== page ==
A guide to the new XDoclet development tool that eliminates programming busy work by automatically generating code and other deployment artifacts, this book enables developers who place metadata in a single source code file to use XDoclet to generate additional source code and other files that are required in a project. Both smaller code examples and a full-scale J2EE example illustrate everything needed to employ XDoclet code generation into a development cycle. In addition to the typical uses of XDoclet in J2EE development, the uses of XDoclet with non-J2EE technologies such as JDO, Hibernate, JMX, SOAP, and MockObjects are also detailed. Information on how to extend XDoclet to generate practically any code a programmer is furnished.
When I first heard of XDoclet (then it was called EJBDoclet), I thought the whole idea was nonsense. The comment blocks in my Java code were for documentation, not for programming. Why would I ever put anything in a comment block that impacted the functionality of my program? How absurd! Besides, at the time I wasn’t doing much with EJBs, so what use did I have for XDoclet?
But XDoclet wouldn’t leave me alone. It kept crossing my path, with its name mentioned in web-logs, presentations, and mailing lists. I was being haunted by XDoclet.
Finally I gave in to those ghosts and gave XDoclet another look. And I’m glad I did. I found out that XDoclet was for more than just EJBs and that it addressed many of the code maintenance headaches I dealt with every day. It freed me from Deployment Descriptor Hell.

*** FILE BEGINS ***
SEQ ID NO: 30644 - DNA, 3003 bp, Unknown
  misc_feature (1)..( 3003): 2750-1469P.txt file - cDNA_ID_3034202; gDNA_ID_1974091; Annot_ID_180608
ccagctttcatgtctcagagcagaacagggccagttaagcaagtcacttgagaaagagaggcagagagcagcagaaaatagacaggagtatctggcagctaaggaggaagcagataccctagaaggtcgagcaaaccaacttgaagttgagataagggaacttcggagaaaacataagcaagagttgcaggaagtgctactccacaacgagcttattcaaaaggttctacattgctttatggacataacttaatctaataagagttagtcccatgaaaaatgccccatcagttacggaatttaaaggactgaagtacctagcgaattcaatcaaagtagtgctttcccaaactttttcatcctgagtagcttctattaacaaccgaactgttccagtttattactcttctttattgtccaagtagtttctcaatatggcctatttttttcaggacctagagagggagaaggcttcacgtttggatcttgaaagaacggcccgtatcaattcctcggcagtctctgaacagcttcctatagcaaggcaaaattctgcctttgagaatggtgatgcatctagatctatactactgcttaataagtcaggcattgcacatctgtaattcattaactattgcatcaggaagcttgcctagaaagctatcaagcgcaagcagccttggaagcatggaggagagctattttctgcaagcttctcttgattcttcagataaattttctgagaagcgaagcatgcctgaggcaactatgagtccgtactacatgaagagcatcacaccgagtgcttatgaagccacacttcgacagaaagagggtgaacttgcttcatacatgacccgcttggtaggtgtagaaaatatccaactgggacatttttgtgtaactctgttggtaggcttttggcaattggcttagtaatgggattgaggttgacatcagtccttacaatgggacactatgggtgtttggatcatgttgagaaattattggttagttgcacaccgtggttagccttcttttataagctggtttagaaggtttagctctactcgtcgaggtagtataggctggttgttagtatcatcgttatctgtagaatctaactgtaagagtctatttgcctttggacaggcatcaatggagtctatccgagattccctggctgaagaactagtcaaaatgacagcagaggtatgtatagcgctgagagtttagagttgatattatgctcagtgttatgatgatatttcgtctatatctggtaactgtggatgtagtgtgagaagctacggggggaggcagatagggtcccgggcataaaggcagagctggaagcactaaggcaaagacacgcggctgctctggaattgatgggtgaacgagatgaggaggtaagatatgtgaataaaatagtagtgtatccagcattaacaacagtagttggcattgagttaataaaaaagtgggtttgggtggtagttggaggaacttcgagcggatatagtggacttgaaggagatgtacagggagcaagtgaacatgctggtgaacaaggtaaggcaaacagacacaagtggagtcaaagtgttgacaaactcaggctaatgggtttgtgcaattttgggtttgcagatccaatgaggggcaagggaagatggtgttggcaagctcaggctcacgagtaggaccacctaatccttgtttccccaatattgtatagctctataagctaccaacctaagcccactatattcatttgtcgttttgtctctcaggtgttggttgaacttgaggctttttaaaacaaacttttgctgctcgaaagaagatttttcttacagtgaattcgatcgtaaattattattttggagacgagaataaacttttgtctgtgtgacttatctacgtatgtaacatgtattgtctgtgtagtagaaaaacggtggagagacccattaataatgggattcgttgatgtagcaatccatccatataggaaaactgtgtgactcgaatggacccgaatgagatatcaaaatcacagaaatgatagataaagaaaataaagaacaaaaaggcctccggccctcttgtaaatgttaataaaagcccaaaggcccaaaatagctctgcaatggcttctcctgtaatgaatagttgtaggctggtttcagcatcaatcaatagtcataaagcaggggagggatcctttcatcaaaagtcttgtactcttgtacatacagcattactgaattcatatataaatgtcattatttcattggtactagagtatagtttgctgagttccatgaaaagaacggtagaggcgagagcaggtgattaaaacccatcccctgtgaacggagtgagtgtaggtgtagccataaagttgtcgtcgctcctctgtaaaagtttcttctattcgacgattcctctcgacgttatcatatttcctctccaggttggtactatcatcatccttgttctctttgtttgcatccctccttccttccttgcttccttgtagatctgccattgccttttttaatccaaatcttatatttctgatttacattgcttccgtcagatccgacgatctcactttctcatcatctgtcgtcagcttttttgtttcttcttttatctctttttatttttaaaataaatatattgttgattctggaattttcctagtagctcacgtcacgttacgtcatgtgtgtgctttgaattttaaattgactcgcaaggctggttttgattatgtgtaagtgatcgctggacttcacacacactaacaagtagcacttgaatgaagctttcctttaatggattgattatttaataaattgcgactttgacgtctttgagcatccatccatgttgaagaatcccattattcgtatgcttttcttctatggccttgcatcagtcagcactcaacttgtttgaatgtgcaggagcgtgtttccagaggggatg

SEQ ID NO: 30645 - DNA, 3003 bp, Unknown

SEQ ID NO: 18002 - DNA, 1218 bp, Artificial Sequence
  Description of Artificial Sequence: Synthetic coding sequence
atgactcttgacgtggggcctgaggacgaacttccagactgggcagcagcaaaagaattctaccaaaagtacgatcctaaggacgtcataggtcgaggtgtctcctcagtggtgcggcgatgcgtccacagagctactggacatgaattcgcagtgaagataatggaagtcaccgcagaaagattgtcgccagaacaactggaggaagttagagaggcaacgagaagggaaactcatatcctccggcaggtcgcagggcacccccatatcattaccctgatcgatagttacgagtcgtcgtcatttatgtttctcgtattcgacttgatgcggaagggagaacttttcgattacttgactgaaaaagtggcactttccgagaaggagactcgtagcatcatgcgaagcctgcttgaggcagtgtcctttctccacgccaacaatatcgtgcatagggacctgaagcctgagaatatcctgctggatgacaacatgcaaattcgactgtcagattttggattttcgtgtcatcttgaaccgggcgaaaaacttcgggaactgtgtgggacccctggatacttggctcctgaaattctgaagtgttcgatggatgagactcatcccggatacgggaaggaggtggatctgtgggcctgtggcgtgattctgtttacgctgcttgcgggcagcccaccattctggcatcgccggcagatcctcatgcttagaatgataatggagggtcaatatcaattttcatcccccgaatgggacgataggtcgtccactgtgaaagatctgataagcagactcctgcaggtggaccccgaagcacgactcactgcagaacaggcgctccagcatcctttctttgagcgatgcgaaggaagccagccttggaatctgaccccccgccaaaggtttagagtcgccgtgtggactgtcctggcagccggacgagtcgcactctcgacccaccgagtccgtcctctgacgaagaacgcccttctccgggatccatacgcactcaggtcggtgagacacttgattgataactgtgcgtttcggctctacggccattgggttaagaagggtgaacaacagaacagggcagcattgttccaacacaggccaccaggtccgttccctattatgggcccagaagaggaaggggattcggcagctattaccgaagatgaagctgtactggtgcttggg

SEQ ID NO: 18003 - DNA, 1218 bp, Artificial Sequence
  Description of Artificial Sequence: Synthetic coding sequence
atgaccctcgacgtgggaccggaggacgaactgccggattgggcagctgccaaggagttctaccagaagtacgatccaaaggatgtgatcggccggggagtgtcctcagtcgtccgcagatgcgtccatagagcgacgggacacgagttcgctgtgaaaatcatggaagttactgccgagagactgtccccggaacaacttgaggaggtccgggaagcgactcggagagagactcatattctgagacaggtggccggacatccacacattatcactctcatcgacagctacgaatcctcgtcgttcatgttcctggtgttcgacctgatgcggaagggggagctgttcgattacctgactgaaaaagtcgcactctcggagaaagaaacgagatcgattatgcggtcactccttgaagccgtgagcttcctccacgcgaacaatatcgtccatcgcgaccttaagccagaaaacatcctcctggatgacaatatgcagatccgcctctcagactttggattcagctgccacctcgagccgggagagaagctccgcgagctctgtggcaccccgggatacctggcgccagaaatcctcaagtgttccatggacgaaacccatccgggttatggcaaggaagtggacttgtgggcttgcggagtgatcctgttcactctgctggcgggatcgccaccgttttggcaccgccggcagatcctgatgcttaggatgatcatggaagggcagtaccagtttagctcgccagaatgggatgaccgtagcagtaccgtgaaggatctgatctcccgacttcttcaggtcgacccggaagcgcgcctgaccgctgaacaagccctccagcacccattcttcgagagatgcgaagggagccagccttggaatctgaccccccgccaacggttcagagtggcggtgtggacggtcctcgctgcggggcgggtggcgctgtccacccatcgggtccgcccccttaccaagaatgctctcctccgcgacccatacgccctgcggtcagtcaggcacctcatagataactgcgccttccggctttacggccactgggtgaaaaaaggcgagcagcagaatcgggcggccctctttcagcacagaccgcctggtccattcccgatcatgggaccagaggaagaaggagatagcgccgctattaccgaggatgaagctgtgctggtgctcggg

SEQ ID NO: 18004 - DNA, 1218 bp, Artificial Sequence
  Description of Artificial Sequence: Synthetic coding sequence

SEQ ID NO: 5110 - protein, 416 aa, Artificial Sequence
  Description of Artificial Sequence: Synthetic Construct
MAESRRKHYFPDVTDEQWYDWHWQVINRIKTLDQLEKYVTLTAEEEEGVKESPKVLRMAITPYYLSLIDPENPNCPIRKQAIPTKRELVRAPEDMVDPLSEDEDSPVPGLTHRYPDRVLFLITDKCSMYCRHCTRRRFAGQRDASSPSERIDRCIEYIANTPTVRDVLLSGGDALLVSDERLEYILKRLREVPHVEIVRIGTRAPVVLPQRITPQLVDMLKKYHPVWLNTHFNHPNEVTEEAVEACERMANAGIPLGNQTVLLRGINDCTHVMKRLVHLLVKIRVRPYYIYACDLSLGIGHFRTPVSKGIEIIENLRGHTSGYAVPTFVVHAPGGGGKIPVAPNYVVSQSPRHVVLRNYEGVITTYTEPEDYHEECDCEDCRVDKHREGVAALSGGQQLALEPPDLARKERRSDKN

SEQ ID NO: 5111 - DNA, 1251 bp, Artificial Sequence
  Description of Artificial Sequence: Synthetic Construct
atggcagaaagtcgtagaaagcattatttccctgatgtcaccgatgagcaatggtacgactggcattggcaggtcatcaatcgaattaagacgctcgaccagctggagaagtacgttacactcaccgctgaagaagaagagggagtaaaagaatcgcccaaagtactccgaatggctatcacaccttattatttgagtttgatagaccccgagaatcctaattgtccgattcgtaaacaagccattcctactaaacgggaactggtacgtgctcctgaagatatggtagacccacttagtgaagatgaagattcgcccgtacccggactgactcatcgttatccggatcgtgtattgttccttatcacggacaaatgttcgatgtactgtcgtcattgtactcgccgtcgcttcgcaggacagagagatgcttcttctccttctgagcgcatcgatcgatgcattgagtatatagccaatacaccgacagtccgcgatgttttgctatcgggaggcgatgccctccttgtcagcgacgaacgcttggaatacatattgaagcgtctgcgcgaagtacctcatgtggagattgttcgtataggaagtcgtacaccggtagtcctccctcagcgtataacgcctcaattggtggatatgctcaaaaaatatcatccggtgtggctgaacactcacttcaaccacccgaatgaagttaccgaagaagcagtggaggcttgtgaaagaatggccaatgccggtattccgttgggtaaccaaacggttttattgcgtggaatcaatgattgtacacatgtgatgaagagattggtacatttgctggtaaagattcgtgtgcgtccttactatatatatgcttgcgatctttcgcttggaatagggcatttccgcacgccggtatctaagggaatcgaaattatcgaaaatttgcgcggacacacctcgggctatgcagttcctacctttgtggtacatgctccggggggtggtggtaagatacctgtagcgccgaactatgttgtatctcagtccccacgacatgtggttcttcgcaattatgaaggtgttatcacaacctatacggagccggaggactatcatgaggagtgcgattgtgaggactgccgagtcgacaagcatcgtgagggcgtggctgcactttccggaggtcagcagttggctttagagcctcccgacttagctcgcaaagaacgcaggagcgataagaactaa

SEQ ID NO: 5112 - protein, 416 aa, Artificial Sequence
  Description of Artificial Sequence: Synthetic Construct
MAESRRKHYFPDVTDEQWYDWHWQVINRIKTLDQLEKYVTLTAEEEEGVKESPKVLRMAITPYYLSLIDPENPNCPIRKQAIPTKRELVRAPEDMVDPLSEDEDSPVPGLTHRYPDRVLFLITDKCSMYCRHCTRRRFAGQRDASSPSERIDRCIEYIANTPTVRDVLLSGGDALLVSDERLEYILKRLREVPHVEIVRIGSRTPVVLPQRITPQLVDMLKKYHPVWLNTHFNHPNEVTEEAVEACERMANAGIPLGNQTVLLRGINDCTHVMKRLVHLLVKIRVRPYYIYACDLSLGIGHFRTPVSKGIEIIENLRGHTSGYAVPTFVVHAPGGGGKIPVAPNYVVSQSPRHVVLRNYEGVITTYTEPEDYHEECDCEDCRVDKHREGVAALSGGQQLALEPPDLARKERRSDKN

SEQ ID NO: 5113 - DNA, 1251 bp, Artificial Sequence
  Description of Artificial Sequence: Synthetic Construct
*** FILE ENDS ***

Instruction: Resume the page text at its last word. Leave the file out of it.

I eventually got past my hang-up with putting code in comment blocks. After all, javadoc comments aren’t the real documentation—they’re merely metadata used to generate the real documentation. In that light, metadata used to generate deployment descriptors and interfaces is just as appropriate in comment blocks as javadoc documentation.
Newly enlightened, I dove in head first to learn as much as possible about XDoclet. I sought out every book and every article I could find. But in my quest for XDoclet knowledge, I came up short. Unfortunately, very little had been written about XDoclet. Even XDoclet’s own documentation was sparse (and, in some cases, inaccurate).